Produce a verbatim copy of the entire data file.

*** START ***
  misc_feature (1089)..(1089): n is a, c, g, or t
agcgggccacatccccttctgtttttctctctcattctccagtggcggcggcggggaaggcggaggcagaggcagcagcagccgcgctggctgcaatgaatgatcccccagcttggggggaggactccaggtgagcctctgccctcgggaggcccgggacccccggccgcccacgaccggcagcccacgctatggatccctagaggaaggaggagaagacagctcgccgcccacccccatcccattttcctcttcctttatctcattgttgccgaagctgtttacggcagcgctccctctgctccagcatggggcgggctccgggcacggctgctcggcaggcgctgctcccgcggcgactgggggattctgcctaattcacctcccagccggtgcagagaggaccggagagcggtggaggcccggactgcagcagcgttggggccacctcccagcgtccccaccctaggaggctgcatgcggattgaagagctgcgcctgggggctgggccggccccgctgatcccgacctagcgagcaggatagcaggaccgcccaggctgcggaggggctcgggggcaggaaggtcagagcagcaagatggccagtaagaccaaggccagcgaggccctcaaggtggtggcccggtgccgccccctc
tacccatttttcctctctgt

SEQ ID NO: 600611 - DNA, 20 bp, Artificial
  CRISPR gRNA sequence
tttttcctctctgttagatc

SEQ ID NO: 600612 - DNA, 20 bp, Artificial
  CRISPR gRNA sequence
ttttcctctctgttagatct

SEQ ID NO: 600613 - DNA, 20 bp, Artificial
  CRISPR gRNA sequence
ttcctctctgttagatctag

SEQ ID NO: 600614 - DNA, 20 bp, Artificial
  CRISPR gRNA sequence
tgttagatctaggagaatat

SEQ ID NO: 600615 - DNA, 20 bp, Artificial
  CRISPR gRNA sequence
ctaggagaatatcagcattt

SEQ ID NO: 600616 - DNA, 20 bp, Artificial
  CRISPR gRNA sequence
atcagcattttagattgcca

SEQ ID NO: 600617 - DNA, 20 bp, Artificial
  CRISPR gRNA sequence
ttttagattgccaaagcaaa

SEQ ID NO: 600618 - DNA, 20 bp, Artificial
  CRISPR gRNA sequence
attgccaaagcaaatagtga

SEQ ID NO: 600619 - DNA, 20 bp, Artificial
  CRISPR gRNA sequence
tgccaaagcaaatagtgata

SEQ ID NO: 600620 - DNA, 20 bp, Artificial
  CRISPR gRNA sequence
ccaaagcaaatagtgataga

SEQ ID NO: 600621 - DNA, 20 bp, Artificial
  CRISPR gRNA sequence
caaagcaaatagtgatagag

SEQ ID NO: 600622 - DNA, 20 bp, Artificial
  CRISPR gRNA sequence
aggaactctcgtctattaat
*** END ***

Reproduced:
  misc_feature (1089)..(1089): n is a, c, g, or t
agcgggccacatccccttctgtttttctctctcattctccagtggcggcggcggggaaggcggaggcagaggcagcagcagccgcgctggctgcaatgaatgatcccccagcttggggggaggactccaggtgagcctctgccctcgggaggcccgggacccccggccgcccacgaccggcagcccacgctatggatccctagaggaaggaggagaagacagctcgccgcccacccccatcccattttcctcttcctttatctcattgttgccgaagctgtttacggcagcgctccctctgctccagcatggggcgggctccgggcacggctgctcggcaggcgctgctcccgcggcgactgggggattctgcctaattcacctcccagccggtgcagagaggaccggagagcggtggaggcccggactgcagcagcgttggggccacctcccagcgtccccaccctaggaggctgcatgcggattgaagagctgcgcctgggggctgggccggccccgctgatcccgacctagcgagcaggatagcaggaccgcccaggctgcggaggggctcgggggcaggaaggtcagagcagcaagatggccagtaagaccaaggccagcgaggccctcaaggtggtggcccggtgccgccccctc
tacccatttttcctctctgt

SEQ ID NO: 600611 - DNA, 20 bp, Artificial
  CRISPR gRNA sequence
tttttcctctctgttagatc

SEQ ID NO: 600612 - DNA, 20 bp, Artificial
  CRISPR gRNA sequence
ttttcctctctgttagatct

SEQ ID NO: 600613 - DNA, 20 bp, Artificial
  CRISPR gRNA sequence
ttcctctctgttagatctag

SEQ ID NO: 600614 - DNA, 20 bp, Artificial
  CRISPR gRNA sequence
tgttagatctaggagaatat

SEQ ID NO: 600615 - DNA, 20 bp, Artificial
  CRISPR gRNA sequence
ctaggagaatatcagcattt

SEQ ID NO: 600616 - DNA, 20 bp, Artificial
  CRISPR gRNA sequence
atcagcattttagattgcca

SEQ ID NO: 600617 - DNA, 20 bp, Artificial
  CRISPR gRNA sequence
ttttagattgccaaagcaaa

SEQ ID NO: 600618 - DNA, 20 bp, Artificial
  CRISPR gRNA sequence
attgccaaagcaaatagtga

SEQ ID NO: 600619 - DNA, 20 bp, Artificial
  CRISPR gRNA sequence
tgccaaagcaaatagtgata

SEQ ID NO: 600620 - DNA, 20 bp, Artificial
  CRISPR gRNA sequence
ccaaagcaaatagtgataga

SEQ ID NO: 600621 - DNA, 20 bp, Artificial
  CRISPR gRNA sequence
caaagcaaatagtgatagag

SEQ ID NO: 600622 - DNA, 20 bp, Artificial
  CRISPR gRNA sequence
aggaactctcgtctattaat